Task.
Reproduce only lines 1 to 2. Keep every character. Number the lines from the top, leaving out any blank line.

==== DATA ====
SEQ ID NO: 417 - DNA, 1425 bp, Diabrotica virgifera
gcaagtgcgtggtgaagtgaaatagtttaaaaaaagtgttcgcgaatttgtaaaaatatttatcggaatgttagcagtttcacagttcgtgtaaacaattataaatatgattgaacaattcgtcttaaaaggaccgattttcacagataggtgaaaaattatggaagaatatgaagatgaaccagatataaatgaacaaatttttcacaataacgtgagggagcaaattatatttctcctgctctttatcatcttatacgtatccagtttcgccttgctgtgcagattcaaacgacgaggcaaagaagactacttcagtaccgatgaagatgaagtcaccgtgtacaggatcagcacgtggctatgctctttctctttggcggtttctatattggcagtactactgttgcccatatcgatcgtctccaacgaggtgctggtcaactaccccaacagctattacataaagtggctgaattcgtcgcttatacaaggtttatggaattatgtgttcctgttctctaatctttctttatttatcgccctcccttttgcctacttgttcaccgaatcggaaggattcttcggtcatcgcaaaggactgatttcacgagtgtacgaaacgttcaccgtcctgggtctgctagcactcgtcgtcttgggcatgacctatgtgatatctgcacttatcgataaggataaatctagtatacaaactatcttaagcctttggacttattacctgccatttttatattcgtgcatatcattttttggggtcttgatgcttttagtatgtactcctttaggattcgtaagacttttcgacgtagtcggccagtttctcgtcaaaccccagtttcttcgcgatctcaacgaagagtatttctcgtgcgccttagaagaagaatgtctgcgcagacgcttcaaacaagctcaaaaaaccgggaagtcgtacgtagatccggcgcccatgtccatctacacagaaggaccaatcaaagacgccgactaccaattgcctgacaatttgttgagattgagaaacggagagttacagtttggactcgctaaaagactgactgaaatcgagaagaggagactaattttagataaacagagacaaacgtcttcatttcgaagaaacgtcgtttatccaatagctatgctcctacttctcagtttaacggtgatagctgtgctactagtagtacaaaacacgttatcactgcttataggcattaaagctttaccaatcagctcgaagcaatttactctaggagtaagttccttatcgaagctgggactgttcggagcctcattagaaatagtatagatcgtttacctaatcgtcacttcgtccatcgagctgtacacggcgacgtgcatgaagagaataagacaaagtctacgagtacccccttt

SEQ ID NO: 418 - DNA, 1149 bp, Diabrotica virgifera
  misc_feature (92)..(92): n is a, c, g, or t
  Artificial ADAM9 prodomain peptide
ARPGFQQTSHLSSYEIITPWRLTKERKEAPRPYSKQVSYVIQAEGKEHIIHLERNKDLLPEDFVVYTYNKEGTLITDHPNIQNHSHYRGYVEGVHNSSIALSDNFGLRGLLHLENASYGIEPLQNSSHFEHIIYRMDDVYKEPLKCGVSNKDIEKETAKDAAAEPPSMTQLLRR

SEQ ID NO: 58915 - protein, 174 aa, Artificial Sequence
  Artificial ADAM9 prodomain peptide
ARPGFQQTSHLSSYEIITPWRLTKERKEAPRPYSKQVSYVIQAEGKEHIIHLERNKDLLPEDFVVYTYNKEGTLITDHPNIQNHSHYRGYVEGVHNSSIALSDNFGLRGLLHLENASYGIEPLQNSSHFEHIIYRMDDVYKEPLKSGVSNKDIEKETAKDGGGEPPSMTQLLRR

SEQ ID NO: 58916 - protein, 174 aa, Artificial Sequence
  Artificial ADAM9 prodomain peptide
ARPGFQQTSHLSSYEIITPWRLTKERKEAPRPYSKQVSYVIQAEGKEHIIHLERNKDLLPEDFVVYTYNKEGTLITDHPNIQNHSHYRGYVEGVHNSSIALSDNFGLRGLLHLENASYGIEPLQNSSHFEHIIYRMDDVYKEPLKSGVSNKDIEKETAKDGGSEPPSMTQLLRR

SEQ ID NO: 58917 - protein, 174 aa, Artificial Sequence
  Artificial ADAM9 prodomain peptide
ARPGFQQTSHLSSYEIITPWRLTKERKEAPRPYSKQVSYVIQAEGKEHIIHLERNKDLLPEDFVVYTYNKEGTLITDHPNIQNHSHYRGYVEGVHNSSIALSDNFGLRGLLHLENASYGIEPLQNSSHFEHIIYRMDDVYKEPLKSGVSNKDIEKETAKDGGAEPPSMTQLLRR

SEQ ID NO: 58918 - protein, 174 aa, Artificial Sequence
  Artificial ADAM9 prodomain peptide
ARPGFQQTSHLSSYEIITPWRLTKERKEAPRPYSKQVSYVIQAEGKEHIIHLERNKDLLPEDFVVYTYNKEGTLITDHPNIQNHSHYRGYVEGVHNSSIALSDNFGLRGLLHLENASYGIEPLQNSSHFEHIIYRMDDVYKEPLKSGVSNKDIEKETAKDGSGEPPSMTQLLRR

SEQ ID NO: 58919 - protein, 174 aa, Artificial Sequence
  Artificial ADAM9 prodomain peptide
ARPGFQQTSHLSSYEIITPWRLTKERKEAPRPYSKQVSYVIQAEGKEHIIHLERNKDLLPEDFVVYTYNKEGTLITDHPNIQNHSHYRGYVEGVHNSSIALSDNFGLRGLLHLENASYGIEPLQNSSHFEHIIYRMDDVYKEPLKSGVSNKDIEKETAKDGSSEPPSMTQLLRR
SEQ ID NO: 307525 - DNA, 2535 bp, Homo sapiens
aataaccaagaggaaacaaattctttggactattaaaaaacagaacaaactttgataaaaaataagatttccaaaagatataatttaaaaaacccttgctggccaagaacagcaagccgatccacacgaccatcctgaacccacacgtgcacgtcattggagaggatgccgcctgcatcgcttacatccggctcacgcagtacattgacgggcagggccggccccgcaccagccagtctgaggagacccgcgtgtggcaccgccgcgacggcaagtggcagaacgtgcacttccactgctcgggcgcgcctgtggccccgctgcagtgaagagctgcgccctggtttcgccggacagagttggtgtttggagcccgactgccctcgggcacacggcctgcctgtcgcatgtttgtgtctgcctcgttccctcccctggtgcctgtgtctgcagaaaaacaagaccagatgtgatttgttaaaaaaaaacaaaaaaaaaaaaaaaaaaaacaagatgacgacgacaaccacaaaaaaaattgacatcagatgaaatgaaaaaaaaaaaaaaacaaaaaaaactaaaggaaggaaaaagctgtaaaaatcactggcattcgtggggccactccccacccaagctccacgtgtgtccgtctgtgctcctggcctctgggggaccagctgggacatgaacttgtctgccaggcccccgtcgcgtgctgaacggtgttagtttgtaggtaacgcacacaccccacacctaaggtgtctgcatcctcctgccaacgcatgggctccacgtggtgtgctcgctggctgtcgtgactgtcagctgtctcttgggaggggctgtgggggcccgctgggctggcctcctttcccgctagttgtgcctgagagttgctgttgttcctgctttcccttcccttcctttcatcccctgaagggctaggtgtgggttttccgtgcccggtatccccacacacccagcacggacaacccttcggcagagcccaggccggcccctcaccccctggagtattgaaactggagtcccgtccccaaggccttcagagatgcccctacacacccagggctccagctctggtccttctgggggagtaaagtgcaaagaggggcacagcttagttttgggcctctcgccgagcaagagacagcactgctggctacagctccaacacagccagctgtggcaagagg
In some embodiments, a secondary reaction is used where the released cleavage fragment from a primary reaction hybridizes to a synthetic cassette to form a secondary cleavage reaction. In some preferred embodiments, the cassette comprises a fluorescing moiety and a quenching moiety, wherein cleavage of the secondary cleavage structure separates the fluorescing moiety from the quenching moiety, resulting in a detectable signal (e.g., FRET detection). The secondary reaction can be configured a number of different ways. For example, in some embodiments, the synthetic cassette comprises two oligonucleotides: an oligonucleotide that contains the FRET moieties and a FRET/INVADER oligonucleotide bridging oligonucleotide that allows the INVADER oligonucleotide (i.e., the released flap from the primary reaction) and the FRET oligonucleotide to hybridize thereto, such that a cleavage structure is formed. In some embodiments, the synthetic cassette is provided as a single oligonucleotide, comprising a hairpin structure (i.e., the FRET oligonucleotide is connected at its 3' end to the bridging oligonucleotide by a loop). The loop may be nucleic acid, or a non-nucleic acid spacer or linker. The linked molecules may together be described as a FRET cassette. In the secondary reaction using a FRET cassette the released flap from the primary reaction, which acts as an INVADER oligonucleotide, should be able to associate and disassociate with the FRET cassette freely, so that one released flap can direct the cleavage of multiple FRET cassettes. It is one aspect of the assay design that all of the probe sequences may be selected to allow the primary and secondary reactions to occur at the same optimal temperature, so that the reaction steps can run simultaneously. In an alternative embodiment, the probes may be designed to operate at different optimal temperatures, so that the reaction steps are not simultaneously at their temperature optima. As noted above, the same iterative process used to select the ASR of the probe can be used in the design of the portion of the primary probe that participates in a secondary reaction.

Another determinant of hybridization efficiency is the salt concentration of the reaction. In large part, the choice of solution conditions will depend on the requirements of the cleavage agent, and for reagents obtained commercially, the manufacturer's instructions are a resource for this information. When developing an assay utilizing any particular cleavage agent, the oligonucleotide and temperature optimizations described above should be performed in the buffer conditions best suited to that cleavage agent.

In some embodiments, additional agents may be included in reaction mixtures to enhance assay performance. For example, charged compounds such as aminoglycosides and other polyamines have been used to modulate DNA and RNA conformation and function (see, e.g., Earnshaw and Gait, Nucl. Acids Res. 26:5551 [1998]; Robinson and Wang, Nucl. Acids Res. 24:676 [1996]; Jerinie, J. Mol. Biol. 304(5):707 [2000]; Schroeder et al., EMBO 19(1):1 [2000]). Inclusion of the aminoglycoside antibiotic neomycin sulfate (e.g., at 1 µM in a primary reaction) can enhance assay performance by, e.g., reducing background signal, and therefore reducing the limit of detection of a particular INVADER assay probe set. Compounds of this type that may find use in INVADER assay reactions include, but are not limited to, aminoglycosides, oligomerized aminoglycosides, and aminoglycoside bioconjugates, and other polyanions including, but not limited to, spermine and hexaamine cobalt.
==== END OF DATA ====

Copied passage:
SEQ ID NO: 417 - DNA, 1425 bp, Diabrotica virgifera
gcaagtgcgtggtgaagtgaaatagtttaaaaaaagtgttcgcgaatttgtaaaaatatttatcggaatgttagcagtttcacagttcgtgtaaacaattataaatatgattgaacaattcgtcttaaaaggaccgattttcacagataggtgaaaaattatggaagaatatgaagatgaaccagatataaatgaacaaatttttcacaataacgtgagggagcaaattatatttctcctgctctttatcatcttatacgtatccagtttcgccttgctgtgcagattcaaacgacgaggcaaagaagactacttcagtaccgatgaagatgaagtcaccgtgtacaggatcagcacgtggctatgctctttctctttggcggtttctatattggcagtactactgttgcccatatcgatcgtctccaacgaggtgctggtcaactaccccaacagctattacataaagtggctgaattcgtcgcttatacaaggtttatggaattatgtgttcctgttctctaatctttctttatttatcgccctcccttttgcctacttgttcaccgaatcggaaggattcttcggtcatcgcaaaggactgatttcacgagtgtacgaaacgttcaccgtcctgggtctgctagcactcgtcgtcttgggcatgacctatgtgatatctgcacttatcgataaggataaatctagtatacaaactatcttaagcctttggacttattacctgccatttttatattcgtgcatatcattttttggggtcttgatgcttttagtatgtactcctttaggattcgtaagacttttcgacgtagtcggccagtttctcgtcaaaccccagtttcttcgcgatctcaacgaagagtatttctcgtgcgccttagaagaagaatgtctgcgcagacgcttcaaacaagctcaaaaaaccgggaagtcgtacgtagatccggcgcccatgtccatctacacagaaggaccaatcaaagacgccgactaccaattgcctgacaatttgttgagattgagaaacggagagttacagtttggactcgctaaaagactgactgaaatcgagaagaggagactaattttagataaacagagacaaacgtcttcatttcgaagaaacgtcgtttatccaatagctatgctcctacttctcagtttaacggtgatagctgtgctactagtagtacaaaacacgttatcactgcttataggcattaaagctttaccaatcagctcgaagcaatttactctaggagtaagttccttatcgaagctgggactgttcggagcctcattagaaatagtatagatcgtttacctaatcgtcacttcgtccatcgagctgtacacggcgacgtgcatgaagagaataagacaaagtctacgagtacccccttt